Over the next two weeks I had no special symptoms, other than an occasional feeling of implantation type discomfort. A couple weeks after our camping trip my friend and I planned a yard work day, and we kept busy all day, mowing, hammering posts in, stretching fencing, and hoeing the garden. I was tired, but felt very satisfied in what we accomplished. The next morning I woke up to some light bleeding. My first thought was “NO, NO, this is NOT happening.” That morning I took things as easy as possible, lying around and not lifting anything. The spotting did not let up, however. I struggled to keep from inwardly panicking, and tried to downplay to my children that I was sticking so close to the couch. We kept praying over the baby, declaring life, healing, and interceding for this little life that God had purposed from the beginning. After two days of this, I was emotionally exhausted as well as physically feeling like I had been hit by a truck. On the third day, I felt that I couldn’t continue this way forever, that I was going to have to live life and just trust that if baby was going to live, I would be able to take care of my other children also. I still rested a lot that day, and did a few extremely light household type things, avoiding lifting or stairs. It was the 7 week mark in the pregnancy. Later that evening, the bleeding suddenly spiked and I began passing clots. At this point I totally lost hope for life-I assumed this was good bye to our baby. Hubby and I were very distraught, and I’m so thankful Hubby was home at that moment to hold me so we could mourn together. After a while, we decided to tell the other children. One was very matter of fact-“God gave this baby, so this baby can’t die.”.  Another was absolutely heartbroken and wailed in our arms. The others were too young to understand. We kept praying for life, for a miracle- even though it was such an feeling of whiplash between grief and faith that it felt cruel to even try. I’ve never been in such a faith battle before. I still don’t know what to quite do with it. My God is good, and I will praise Him no matter what. On one hand we had people standing with us saying “We will pray for life, even when it doesn’t seem like that’s what’s happening.” and on the other hand we had people crying with us. Several people told us stories of how they had bled heavily during their pregnancy, and yet their baby survived and was healthy and happy. So on one hand, we were being given hope-but meanwhile my bleeding kept increasing, and I just had a feeling the battle was over. I will be brutally honest-after the point when the clots started, I mostly didn’t want to pray for life any longer. It was a battle to keep praying, and even then my heart wasn’t fully in it. I just wanted to know for sure one way or the other, to not have the emotional whiplash of going back and forth. After 3 days of passing increasingly larger clots, the bleeding slowed back down to light spotting again. I never did see anything that resembled a child, and that makes me wonder how old Mataniah was when he/she passed away-perhaps much sooner than the 7 weeks the bleeding started. My strength began to return, which was a huge relief. I didn’t realize before how hard a miscarriage hits in every way possible- physically, emotionally, spiritually, and mentally. Thankfully others had warned me about women mentally beating themselves up with the “what ifs” during a miscarriage that I mostly didn’t allow myself to go there. My midwife helped me with that also, reassuring me it wasn’t my fault. I have in the past mowed and done lawn and garden work until 9 months pregnant without issue, so it wasn’t unusual for me to work hard outside and expect everything to be fine. The part I have struggled with is the faith part- what if I had more faith when we were praying for life?? What if I chose to believe life when everything pointed to death? But as my husband is continually reassuring me, one can not live that way. I must trust God for faith, and not think it’s something I make happen on my own or condemn myself for not having. I know God will be glorified through little Mataniah’s life, no matter how big of a victory the enemy thinks he has won.  Therefore I will not give the enemy the pleasure of binding me with condemnation or fear. The victory belongs to God. Period.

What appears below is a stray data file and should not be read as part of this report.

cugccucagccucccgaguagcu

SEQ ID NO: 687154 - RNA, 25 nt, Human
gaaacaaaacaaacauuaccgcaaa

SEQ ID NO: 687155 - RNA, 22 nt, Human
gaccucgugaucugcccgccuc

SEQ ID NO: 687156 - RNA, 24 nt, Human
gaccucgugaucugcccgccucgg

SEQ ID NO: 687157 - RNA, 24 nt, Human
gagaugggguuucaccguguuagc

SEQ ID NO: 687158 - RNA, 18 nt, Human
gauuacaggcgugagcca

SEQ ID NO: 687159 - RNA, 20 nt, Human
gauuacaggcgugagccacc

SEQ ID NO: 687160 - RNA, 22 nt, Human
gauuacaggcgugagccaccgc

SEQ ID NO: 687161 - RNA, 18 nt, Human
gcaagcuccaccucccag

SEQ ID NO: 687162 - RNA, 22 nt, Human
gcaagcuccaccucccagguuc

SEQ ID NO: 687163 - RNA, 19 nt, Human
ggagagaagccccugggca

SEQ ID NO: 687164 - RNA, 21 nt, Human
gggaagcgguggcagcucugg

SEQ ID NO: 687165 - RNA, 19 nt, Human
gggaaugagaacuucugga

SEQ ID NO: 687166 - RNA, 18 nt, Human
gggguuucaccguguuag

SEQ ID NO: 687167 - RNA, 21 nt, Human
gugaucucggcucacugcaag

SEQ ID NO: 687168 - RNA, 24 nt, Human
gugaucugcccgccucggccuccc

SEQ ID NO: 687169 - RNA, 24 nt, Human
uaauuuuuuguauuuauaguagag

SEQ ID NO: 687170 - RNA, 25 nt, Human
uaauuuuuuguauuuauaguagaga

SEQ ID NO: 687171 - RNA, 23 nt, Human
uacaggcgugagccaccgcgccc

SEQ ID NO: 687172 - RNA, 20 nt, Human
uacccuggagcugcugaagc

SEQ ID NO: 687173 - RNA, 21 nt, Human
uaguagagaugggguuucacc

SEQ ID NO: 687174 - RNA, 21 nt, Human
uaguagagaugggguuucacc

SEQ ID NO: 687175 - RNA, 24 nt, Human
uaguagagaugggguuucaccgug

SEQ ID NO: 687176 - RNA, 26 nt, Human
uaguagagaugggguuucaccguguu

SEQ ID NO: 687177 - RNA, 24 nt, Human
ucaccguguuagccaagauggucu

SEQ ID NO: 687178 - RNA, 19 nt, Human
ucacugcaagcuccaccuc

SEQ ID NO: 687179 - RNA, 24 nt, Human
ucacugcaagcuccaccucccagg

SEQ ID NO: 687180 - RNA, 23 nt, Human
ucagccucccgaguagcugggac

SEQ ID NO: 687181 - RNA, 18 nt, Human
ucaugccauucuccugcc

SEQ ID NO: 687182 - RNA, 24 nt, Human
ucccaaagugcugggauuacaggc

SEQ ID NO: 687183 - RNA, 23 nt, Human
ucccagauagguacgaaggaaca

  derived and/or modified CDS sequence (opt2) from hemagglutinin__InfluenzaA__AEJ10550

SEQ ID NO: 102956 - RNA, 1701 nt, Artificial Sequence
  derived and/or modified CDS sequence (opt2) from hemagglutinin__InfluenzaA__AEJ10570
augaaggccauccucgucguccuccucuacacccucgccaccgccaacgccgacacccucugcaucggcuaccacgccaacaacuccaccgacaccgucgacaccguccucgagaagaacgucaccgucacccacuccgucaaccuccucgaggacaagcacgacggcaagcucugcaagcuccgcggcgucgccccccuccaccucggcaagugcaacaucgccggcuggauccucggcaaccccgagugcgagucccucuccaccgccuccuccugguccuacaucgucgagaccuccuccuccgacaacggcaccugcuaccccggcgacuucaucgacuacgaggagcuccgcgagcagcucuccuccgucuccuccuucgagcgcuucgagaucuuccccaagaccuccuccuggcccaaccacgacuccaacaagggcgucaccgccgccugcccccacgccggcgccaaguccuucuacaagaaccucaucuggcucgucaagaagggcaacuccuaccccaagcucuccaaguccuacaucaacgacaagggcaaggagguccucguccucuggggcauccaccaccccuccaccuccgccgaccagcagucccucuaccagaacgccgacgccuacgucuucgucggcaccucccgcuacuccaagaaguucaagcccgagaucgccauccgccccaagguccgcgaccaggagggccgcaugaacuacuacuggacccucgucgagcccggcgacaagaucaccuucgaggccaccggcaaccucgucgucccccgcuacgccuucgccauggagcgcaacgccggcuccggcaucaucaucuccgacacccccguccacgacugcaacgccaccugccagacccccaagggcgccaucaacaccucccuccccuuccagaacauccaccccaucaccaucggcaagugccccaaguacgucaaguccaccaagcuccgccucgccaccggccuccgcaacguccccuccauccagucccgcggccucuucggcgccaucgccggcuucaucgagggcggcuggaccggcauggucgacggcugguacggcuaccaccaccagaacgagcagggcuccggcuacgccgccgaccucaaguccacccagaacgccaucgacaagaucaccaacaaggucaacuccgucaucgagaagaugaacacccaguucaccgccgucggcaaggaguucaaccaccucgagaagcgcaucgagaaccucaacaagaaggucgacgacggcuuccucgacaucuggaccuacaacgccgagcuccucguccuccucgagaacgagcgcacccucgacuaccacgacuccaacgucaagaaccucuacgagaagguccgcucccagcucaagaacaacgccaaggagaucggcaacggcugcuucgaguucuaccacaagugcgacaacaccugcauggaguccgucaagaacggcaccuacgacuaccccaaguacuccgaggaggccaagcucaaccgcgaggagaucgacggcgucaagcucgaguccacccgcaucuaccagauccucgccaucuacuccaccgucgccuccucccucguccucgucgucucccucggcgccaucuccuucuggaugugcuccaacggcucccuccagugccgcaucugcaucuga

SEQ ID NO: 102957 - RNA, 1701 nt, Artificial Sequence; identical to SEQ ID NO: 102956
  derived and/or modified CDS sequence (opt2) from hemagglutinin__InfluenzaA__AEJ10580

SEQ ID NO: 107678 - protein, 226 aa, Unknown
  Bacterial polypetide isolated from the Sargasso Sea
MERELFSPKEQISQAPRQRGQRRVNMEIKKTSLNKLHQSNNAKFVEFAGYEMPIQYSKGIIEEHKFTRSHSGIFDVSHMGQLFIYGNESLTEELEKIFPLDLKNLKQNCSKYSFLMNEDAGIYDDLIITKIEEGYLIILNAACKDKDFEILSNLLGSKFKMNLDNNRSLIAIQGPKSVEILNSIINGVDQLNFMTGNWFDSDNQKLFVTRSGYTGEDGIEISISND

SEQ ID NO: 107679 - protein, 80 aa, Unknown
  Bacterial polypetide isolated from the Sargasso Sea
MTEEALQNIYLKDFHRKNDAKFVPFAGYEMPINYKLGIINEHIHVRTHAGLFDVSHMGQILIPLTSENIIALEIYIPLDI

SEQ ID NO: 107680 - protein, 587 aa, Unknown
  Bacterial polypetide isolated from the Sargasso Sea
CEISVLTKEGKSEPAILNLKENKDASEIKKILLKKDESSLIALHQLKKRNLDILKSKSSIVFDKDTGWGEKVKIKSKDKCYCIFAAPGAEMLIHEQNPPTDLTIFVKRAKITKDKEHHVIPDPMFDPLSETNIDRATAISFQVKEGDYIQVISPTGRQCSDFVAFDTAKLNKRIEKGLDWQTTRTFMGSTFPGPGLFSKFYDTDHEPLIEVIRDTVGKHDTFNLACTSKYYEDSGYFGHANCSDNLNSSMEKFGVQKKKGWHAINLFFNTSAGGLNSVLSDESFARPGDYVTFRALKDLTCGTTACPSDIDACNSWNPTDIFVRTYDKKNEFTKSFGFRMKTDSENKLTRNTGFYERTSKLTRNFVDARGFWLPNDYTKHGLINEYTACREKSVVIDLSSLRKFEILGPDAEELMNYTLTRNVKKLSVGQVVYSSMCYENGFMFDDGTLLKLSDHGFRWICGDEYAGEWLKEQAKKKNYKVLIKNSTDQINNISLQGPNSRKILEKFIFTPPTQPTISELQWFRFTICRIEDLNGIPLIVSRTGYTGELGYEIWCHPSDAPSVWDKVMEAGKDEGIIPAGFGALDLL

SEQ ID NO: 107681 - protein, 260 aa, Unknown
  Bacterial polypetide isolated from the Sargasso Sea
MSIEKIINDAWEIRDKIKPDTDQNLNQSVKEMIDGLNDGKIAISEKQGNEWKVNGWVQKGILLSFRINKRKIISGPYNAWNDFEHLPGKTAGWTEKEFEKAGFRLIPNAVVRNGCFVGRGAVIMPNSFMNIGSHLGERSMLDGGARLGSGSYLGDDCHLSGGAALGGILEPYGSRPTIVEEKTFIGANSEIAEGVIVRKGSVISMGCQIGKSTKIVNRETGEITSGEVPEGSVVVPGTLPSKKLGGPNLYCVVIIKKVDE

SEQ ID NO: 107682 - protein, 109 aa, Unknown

After the bleeding stopped, I took a pregnancy test-the line indicating the presence of HcG was almost indistinguishable, barely visible in only the brightest of light and at the correct angle. At this point I knew. My husband decided to keep hope until I tested and there was no line. A few days later I took another test and there was no visible line at all. We were surrounded during this time with people who care-who desire to support us. Most of them did a great job. If you ever want to know what NOT to do for a women who is miscarrying, do not tell her God wanted another angel. Do not try to comfort her by saying “Oh, don’t worry, you’ve already got four children, at least you know you can have another.”  I was so horrified by some “comforts”, it was all I could do to not let my jaw drop. Very eye opening. These ladies didn’t understand, and I hold no hurt towards them. It just amazed me, shocked me, that one would think of that as a strong comfort! The ones who reached out to us who knew just how to comfort were those who have been there, as is often the case with grief. You have to experience it to know how to love in that time. Several women who have experienced miscarriage, as well as a couple men who went through it with their wives, reached out to comfort us and offer their support and counsel. Something that was recurring was the advice to name our baby. This seemed more and more important to me as days went by. It was difficult and painful to refer to our sweet little one as “The baby we lost”. I began searching for names that held special meaning based on the situation. I wanted a gender neutral name, one that would fit when I meet my baby in heaven.  None of the names I found were gender neutral, so after a while I gave up on finding one, and just focused on finding one with significant meaning. I found the name Mataniah, meaning “gift of God”, and Elam, meaning “Hidden, eternal, or forever”. To my sweet surprise, when I looked more closely at the name Mataniah, it is a name that can be for male or female. I also thought of the nickname “Mattie”, which I’ve heard used for both genders. This was very comforting to me. Hubby was very gracious to me during this time of processing, talking through things together and discussing possible names.